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In South Hillsborough, crime falls but some become inexplicable

Published on: July 9, 2014

By MITCH TRAPHAGEN

According to the HCSO, virtually all graffiti in South Hillsborough is not gang related but rather the work of taggers, people who do it for notoriety. Mitch Traphagen photo

According to the HCSO, virtually all graffiti in South Hillsborough is not gang related but rather the work of taggers, people who do it for notoriety. Mitch Traphagen photo

Unincorporated Hillsborough County continues to grow by the day, yet despite the increasing population, the Hillsborough County Sheriff’s Office has kept a lid on crime. In fact, crime in virtually every category is falling. HCSO District IV, headquartered in Ruskin, patrols the largest, most expansive area in the county, protecting and serving hundreds of thousands of people, ranging from farmland to densely populated subdivisions to heavy industrial areas. It is no small task; nor is keeping crime low in a large and rapidly growing area. Part of the solution — and the success — of the HCSO involves technology, using virtually predictive techniques about where and when crime could occur. But most crime-fighting still involves good old-fashioned legwork.

Such is the case with graffiti.

Centuries before anyone had envisioned the idea of paint in spray cans, graffiti was scratched into columns at the Church of the Holy Scepter in the Old City of Jerusalem. Graffiti has existed through antiquity, most frequently making political statements, or even more common, statements of love and lost love. Some ancient graffiti has been deemed as advertising, often notably for services such as prostitution.

In a sense, some things never change but the nature of graffiti seems to be one that has indeed changed. Technology has provided an outlet for declarations of love and cries of love-lost anguish, as well as advertisements for the world’s oldest profession. Although embraced by some as an art form, and indeed some graffiti appears to be the work of gifted, if unwanted, artists, graffiti today is viewed as more of a warning.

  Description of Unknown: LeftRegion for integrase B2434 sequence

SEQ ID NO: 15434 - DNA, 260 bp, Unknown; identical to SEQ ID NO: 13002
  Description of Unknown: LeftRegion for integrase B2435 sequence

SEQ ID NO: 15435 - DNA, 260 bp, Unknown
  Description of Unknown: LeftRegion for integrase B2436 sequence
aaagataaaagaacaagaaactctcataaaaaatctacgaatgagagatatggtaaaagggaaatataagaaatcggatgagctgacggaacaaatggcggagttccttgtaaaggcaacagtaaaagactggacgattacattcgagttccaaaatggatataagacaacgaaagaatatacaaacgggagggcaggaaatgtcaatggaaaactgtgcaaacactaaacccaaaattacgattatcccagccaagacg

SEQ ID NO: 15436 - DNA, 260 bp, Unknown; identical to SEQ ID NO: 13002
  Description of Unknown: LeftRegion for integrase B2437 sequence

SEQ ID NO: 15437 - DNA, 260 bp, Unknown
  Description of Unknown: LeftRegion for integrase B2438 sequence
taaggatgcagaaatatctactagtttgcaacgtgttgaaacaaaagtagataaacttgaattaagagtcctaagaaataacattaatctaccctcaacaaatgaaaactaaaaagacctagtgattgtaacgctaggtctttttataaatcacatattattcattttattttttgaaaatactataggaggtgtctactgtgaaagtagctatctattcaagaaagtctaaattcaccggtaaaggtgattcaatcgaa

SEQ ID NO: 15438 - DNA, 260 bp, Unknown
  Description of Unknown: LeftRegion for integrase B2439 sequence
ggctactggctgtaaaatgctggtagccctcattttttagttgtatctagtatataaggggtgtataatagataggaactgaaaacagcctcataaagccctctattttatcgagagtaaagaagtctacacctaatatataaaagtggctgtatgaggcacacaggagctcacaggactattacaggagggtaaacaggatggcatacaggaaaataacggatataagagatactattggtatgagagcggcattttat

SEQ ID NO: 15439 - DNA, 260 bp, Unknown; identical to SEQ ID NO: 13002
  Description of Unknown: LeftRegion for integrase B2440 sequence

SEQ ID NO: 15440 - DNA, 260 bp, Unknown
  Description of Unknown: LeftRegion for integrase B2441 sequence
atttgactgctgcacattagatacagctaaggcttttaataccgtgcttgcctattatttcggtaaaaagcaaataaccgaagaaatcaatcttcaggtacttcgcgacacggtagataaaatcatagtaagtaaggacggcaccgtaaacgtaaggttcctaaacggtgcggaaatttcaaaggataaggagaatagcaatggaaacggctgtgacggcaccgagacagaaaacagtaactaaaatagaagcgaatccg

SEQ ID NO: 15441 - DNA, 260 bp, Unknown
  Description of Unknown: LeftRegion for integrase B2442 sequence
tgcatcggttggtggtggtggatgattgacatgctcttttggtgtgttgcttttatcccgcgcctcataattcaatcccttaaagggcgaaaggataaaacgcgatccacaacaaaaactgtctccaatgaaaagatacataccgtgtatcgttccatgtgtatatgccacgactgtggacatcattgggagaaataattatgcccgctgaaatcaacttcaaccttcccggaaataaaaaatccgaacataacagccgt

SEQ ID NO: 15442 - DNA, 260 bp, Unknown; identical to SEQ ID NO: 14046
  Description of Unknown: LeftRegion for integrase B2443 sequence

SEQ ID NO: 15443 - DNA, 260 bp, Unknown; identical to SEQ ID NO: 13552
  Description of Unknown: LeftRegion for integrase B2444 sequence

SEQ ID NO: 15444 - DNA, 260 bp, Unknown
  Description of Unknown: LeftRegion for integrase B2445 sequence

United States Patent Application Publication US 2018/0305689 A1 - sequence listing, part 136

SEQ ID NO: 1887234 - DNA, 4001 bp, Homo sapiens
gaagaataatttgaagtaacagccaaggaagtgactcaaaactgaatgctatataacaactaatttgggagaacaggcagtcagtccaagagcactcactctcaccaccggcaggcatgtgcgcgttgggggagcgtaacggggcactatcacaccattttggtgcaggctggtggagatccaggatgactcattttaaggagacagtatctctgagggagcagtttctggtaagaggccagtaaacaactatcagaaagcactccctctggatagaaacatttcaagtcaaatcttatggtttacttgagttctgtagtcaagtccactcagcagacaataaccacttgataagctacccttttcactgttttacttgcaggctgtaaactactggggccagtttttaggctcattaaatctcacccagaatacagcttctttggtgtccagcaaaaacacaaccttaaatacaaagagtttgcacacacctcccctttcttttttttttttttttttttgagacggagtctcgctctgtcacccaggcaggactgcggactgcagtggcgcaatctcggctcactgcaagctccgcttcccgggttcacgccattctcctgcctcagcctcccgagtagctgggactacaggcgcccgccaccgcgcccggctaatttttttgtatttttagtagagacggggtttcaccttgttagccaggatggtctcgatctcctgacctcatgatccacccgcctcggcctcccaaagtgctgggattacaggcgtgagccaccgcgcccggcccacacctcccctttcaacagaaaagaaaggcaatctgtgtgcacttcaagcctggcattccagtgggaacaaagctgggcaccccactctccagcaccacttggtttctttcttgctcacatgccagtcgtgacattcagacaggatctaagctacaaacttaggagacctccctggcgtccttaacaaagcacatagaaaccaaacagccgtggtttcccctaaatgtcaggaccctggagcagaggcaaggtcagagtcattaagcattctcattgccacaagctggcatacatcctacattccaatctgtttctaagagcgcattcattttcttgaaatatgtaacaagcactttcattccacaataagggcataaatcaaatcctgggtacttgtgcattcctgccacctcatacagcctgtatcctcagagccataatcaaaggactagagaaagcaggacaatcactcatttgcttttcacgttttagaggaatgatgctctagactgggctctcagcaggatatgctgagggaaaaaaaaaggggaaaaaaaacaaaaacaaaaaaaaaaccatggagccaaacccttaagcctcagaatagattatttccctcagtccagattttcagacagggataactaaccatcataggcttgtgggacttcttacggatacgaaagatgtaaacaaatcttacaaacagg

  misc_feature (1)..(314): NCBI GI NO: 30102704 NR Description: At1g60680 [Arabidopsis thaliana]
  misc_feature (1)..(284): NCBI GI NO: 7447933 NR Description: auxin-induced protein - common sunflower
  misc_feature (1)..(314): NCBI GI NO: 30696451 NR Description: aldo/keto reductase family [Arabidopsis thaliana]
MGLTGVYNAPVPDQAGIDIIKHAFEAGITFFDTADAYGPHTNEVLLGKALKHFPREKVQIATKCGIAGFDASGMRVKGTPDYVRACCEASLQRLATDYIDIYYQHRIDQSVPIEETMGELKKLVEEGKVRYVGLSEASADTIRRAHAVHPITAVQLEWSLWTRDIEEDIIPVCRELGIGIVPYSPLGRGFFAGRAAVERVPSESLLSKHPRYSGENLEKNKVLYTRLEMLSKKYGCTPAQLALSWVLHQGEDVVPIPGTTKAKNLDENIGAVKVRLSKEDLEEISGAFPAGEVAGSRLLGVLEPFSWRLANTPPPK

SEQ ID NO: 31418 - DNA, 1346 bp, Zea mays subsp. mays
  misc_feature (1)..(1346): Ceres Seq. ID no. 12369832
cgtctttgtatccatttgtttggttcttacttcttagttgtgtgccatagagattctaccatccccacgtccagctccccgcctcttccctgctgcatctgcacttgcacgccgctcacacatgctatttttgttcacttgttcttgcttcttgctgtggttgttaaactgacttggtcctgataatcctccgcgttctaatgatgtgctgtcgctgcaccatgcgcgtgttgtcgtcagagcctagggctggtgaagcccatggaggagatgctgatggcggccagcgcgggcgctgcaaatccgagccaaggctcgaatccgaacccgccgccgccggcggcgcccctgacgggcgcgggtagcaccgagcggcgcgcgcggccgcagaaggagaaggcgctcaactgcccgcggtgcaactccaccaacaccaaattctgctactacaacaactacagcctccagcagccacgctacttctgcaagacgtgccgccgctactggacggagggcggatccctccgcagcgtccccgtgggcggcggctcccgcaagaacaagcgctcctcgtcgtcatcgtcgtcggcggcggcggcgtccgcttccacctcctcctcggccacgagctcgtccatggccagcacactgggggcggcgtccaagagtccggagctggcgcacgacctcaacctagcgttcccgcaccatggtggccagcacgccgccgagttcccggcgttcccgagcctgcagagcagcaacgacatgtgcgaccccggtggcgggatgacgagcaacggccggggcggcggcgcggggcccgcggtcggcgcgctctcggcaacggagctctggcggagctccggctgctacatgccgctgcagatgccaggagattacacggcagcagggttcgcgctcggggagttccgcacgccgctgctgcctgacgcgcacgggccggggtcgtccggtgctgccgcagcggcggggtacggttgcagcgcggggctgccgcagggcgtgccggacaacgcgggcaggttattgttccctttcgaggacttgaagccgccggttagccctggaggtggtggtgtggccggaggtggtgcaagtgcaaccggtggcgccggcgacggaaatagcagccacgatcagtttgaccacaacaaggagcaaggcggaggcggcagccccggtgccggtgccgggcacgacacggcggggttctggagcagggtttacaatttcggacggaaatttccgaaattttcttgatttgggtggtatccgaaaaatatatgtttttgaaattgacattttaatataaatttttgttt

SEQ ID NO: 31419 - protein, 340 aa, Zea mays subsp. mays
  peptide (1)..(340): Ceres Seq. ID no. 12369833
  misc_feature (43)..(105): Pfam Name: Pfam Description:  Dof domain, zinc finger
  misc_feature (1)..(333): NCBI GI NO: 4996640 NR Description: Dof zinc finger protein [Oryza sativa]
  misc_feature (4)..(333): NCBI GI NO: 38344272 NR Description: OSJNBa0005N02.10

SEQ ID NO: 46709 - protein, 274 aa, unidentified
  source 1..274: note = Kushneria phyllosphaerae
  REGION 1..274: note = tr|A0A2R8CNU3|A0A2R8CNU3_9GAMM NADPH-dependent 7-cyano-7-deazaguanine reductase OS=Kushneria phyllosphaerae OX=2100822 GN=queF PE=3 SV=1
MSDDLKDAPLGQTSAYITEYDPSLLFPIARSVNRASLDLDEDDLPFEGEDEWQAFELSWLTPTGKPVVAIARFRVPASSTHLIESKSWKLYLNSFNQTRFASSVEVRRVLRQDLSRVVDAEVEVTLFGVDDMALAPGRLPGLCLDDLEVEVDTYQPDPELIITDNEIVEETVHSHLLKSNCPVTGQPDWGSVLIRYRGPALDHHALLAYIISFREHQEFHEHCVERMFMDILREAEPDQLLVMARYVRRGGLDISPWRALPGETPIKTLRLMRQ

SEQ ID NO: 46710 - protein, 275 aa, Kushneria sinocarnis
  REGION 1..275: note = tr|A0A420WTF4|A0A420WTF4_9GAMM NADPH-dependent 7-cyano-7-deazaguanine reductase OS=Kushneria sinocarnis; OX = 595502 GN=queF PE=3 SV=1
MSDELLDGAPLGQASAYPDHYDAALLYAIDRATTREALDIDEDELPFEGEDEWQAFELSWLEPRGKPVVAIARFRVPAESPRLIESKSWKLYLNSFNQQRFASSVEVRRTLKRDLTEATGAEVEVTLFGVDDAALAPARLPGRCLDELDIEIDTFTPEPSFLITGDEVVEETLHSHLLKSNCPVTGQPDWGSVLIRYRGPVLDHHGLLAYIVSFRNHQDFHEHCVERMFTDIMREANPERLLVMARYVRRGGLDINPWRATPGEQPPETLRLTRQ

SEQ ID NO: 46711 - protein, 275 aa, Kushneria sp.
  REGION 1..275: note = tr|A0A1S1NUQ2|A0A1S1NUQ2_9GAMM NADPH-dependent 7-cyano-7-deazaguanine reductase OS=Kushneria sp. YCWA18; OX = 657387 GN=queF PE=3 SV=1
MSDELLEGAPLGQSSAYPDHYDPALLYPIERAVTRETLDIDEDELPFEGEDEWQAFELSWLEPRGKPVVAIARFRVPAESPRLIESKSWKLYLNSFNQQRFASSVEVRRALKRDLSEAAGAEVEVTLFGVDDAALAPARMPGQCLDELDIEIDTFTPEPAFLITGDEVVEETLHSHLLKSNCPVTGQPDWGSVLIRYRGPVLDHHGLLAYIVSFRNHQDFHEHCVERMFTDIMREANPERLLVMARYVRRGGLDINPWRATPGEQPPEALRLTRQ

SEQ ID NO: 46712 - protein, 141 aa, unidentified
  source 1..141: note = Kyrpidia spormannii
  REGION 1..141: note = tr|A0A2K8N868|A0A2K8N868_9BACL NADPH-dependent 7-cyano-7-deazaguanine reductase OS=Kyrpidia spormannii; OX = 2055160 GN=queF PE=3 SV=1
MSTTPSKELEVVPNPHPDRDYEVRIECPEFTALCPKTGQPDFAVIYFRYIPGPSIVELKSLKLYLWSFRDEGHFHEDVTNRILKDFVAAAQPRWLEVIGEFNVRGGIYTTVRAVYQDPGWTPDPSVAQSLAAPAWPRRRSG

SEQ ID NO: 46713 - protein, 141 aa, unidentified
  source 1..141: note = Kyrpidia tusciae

“It’s a way for gangs to communicate and to mark their territory,” said Jim Blinck of Hillsborough County’s Anti-Graffiti Unit, a division of Code Enforcement. “If we can negate it as soon as possible, they’ll give up and go somewhere else. I don’t think it’s a growing problem, and I think we’ve done a good job in minimizing it. But it’s still out there.”

The Anti-Graffiti Unit works closely with the HCSO, using deputies as their eyes to find graffiti, to determine if the markings are  a gang-related threat and to relay that information so the graffiti can be immediately eliminated.

“We have a nice custom anti-graffiti vehicle that was purchased with a grant from the federal government,” Blinck said. “It has a high-pressure water blaster on it. We can wash it off without damaging a brick wall. If it’s on a painted surface, we have the ability to at least use a paint color to paint it out. If it’s done on the street, we can eliminate it on the street. It’s quite the vehicle.”

In all cases, graffiti that appears to be gang-related takes priority.

“We are going to try to address that immediately,” Blinck said emphatically. “If a deputy determines it’s gang-related, we’ll take care of that immediately. If it’s on private property, we’ll get the property owner’s permission to take care of it.”

According to Major Ron Hartley, the commanding officer of HCSO District IV in Ruskin, graffiti found recently in South Hillsborough is not gang-related, but that doesn’t mean they aren’t going after those who do it. Quite the contrary.

“We have three taggers running around here now, and we’ll catch them,” Hartley said.

Taggers are people who vandalize public and private property. While they sometimes work in groups, they aren’t considered gangs. They often view their work as artistic and do it for the thrill and notoriety of it.

In South County, the HCSO has effectively put an end to gang-related activity.

“I haven’t seen anything in years,” Hartley said of local gang-related graffiti. “I used to, three or four years ago, but now most of our gangs are wannabe gangs. They aren’t really gangs. We haven’t had a lot of gang activity as far as graffiti goes in months and months.”

According to Hartley, local graffiti is primarily the work of taggers.

“In the last month or so we’ve had them running around,” he said. “They’ll try to paint up anything. They are not gang related. They think they are urban artists. They like to leave their names.”